Health services managers are responsible for ensuring that healthcare facilities provide the most effective patient care. They plan and coordinate services in hospitals and clinics, overseeing specific departments or entire facilities.
Health services managers may also be employed by physicians groups, pharmaceutical companies, health information technology companies or insurance firms. Depending on the setting, they may manage employees, oversee billing and insurance filings, maintain detailed records, and serve as a liaison between administrators and medical staff.
Health services managers must be knowledgeable about technological advances and changes in healthcare regulations.
Job Outlook and Salary Range for Medical and Health Services Managers
According to the U.S. Bureau of Labor Statistics (BLS), jobs for medical and health services managers are expected to increase by 17% nationally between 2014 and 2024.
Much of the growth for health services managers will be a consequence of the aging of the baby boomer population, which will fuel demand for medical services. In turn, that should lead to an increase in the number of medical professionals and healthcare facilities.
In 2011, the annual median wage for medical and health services managers was $94.500, the BLS reported. The top 10% earned more than $165,380 in 2011.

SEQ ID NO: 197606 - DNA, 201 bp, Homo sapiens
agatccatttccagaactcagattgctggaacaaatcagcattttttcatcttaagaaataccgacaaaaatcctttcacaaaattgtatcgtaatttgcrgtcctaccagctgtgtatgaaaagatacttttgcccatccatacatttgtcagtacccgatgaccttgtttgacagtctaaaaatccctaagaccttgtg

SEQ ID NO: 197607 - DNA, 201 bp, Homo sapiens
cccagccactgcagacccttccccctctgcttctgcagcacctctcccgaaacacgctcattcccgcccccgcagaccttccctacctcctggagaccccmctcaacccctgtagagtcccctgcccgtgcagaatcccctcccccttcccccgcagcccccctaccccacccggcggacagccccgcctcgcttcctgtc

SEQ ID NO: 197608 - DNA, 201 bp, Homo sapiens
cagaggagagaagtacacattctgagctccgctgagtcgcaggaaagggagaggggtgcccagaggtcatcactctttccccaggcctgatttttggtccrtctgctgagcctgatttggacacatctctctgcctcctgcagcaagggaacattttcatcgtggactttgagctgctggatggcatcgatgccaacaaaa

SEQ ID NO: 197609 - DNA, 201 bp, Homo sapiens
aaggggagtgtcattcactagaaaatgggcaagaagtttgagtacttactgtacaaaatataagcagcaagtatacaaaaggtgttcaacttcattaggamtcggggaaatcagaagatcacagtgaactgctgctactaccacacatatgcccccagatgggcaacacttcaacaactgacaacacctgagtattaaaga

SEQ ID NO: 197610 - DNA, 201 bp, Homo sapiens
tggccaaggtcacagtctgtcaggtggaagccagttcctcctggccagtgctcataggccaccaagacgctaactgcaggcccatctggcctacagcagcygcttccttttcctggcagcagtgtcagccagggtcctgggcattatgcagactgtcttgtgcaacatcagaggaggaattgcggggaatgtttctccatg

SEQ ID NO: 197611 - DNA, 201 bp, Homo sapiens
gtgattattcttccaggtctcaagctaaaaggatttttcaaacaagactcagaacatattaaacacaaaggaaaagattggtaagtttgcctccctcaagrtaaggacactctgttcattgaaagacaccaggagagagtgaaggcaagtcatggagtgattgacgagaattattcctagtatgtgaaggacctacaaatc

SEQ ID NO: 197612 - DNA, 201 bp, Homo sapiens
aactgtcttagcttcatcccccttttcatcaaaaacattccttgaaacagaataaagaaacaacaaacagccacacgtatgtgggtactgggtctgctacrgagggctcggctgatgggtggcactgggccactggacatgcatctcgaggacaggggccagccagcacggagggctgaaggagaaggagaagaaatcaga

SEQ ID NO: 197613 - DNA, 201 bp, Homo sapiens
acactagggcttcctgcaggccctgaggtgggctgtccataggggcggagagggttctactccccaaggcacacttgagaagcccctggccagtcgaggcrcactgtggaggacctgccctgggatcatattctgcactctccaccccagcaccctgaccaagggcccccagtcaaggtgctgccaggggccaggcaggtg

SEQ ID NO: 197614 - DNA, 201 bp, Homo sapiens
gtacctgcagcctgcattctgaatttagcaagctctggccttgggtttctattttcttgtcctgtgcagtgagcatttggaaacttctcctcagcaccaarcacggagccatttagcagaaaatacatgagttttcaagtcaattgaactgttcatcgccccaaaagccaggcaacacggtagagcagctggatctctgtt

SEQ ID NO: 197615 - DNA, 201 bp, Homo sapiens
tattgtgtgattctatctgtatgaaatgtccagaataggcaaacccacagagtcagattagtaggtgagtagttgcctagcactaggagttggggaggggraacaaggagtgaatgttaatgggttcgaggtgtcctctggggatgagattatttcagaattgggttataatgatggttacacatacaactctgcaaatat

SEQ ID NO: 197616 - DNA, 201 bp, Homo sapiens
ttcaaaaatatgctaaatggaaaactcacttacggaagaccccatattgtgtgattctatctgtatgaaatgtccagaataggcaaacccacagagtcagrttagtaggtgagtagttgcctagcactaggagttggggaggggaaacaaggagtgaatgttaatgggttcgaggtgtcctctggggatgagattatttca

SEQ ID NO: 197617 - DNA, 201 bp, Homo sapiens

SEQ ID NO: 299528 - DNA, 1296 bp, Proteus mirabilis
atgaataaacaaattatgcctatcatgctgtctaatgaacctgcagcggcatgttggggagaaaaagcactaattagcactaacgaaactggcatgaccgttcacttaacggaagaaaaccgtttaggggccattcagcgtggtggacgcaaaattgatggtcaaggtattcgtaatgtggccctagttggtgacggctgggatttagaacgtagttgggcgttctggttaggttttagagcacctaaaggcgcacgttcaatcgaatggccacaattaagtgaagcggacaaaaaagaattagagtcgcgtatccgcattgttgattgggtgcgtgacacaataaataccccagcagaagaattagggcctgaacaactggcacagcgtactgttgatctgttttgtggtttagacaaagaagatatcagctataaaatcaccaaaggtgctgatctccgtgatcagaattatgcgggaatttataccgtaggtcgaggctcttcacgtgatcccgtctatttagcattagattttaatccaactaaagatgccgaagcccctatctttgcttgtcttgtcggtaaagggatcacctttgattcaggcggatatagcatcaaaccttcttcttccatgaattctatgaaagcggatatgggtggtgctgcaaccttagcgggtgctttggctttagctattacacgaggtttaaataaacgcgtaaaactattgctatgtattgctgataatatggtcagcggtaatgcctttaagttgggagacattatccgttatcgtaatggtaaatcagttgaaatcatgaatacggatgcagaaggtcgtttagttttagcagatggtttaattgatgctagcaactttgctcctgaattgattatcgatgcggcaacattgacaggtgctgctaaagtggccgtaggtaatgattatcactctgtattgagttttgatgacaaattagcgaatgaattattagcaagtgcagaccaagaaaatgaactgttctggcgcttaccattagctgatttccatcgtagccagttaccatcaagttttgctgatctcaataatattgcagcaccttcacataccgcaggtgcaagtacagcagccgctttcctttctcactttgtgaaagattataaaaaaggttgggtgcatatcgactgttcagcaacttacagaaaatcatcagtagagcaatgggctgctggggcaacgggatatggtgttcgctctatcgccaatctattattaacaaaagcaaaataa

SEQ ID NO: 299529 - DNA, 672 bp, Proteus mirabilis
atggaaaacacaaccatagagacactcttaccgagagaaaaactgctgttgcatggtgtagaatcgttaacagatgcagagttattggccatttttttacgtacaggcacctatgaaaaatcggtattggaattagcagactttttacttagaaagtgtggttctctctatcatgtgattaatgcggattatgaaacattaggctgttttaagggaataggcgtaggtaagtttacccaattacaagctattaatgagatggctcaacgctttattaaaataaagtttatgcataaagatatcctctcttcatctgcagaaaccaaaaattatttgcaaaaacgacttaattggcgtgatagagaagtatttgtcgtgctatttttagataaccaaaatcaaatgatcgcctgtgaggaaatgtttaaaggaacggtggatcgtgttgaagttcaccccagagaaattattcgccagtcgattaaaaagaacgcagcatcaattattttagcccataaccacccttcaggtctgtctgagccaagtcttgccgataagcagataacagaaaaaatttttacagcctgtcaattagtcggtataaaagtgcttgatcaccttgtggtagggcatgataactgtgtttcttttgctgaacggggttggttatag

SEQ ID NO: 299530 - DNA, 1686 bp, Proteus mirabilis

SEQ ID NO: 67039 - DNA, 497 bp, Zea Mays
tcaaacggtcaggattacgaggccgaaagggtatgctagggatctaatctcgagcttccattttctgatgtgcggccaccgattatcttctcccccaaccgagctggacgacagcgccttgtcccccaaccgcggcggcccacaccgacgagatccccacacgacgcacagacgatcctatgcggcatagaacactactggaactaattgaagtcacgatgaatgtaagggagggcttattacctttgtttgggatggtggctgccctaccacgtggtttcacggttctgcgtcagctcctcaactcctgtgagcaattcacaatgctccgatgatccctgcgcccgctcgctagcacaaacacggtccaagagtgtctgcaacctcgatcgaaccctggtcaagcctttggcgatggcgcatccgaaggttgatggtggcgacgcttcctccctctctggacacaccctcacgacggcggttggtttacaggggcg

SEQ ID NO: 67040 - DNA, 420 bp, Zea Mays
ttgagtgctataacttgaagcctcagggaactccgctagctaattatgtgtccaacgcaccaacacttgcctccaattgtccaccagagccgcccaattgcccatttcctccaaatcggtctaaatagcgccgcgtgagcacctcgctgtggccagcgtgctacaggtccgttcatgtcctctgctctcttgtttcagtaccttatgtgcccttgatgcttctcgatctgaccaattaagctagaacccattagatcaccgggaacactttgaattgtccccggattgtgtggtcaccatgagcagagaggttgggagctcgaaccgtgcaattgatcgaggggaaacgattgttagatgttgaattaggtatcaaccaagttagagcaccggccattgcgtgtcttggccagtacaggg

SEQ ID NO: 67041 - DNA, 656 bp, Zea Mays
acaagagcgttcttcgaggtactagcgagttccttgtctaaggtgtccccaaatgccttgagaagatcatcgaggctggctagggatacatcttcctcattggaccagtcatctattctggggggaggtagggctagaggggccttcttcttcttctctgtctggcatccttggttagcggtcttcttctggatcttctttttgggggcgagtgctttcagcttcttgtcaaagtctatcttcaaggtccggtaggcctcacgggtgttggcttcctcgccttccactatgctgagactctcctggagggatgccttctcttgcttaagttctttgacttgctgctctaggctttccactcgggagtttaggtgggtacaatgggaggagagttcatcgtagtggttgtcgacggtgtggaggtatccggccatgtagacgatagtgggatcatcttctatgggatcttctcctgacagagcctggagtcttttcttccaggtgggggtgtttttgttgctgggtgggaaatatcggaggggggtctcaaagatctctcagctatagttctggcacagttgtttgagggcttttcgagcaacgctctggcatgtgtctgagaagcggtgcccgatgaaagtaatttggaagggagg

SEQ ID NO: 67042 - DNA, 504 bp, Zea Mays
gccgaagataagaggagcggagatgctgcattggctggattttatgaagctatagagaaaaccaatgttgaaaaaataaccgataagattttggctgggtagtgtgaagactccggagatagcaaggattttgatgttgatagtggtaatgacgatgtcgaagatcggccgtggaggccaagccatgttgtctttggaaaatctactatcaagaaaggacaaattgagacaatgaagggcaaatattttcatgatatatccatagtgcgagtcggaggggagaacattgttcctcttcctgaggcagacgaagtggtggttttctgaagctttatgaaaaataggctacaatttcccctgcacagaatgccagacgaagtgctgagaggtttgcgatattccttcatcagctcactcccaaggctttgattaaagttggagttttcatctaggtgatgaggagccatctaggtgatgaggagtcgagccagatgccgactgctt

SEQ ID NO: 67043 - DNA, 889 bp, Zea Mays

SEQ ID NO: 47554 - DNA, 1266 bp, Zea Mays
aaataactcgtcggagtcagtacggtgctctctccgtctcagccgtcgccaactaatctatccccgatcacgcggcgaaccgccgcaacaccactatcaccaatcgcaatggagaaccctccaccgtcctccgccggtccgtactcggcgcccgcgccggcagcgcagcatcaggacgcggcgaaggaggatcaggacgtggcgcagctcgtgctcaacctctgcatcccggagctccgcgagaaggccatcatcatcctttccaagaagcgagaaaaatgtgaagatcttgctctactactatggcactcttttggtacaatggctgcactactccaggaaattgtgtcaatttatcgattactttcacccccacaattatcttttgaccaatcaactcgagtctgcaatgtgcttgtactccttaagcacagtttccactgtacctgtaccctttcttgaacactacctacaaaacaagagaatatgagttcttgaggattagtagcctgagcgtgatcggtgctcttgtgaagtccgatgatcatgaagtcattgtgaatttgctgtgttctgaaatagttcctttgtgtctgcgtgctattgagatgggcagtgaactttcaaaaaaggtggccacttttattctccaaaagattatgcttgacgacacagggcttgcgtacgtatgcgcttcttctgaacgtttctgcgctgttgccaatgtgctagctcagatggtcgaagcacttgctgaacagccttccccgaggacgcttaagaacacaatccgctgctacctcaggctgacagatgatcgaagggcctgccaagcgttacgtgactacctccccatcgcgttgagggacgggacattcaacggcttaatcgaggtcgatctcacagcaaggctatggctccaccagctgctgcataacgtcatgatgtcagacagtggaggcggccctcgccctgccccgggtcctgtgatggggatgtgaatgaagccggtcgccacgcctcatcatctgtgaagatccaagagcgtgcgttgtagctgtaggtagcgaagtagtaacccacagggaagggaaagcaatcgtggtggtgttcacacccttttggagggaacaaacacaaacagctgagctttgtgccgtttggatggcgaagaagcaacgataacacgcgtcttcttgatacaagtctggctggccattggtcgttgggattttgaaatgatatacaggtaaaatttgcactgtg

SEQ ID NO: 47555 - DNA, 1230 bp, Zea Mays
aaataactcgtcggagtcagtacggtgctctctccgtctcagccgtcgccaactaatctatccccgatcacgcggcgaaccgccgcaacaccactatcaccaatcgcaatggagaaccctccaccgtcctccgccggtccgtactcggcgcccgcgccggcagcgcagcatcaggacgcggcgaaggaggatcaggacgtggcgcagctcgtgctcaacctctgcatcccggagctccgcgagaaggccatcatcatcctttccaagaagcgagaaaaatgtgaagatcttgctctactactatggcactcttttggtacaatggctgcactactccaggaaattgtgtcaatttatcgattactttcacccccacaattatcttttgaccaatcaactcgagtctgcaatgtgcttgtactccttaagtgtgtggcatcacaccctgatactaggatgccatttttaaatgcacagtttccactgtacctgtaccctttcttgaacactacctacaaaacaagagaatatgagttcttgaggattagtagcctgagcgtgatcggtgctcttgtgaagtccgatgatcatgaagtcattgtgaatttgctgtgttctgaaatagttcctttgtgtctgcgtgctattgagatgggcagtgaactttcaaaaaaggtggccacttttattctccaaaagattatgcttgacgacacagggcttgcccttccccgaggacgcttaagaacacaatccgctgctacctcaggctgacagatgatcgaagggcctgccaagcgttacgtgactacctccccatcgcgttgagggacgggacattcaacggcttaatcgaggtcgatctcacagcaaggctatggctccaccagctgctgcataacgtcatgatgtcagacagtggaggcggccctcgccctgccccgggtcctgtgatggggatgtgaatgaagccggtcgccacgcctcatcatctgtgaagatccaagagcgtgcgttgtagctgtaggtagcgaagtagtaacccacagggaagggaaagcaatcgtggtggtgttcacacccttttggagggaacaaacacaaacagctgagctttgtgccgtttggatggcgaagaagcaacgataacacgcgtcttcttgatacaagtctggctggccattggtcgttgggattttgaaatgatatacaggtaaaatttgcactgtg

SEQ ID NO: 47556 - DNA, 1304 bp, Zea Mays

Employment opportunities and salary may vary depending on location, experience, education and other factors.
Education and Training for Health Services Managers
A bachelor’s degree is typically a minimum requirement for employment as a health services manager. According to the BLS, applicable coursework can include health information systems, accounting, hospital management, strategic planning and law.
Some employers, particularly in the fields of public health and administration, may prefer candidates with a master’s degree.
Given the broad scope of their duties, health services managers should have strong communication, technical and analytical skills. They must also be detail oriented. It’s common for health services managers to have moved up through the ranks, possibly starting their careers by assisting in managing a department.
In nursing care facilities and other healthcare settings that require licensing, health services managers may be required to have at least a bachelor’s degree, complete specific training and pass a state-mandated exam.
Military Occupational Specializations
Each branch of the armed forces has an extensive infrastructure to provide medical and other health-related services to servicemembers and their families. As a result, servicemembers making a transition to civilian life may find that the job of health services managers shares skills and responsibilities with numerous military occupational specializations.
Some examples include: public health specialist and occupational medicine specialist in the Air Force, health care administrator in the Navy, medical specialist corps officer in the Army and health services technician in the Coast Guard.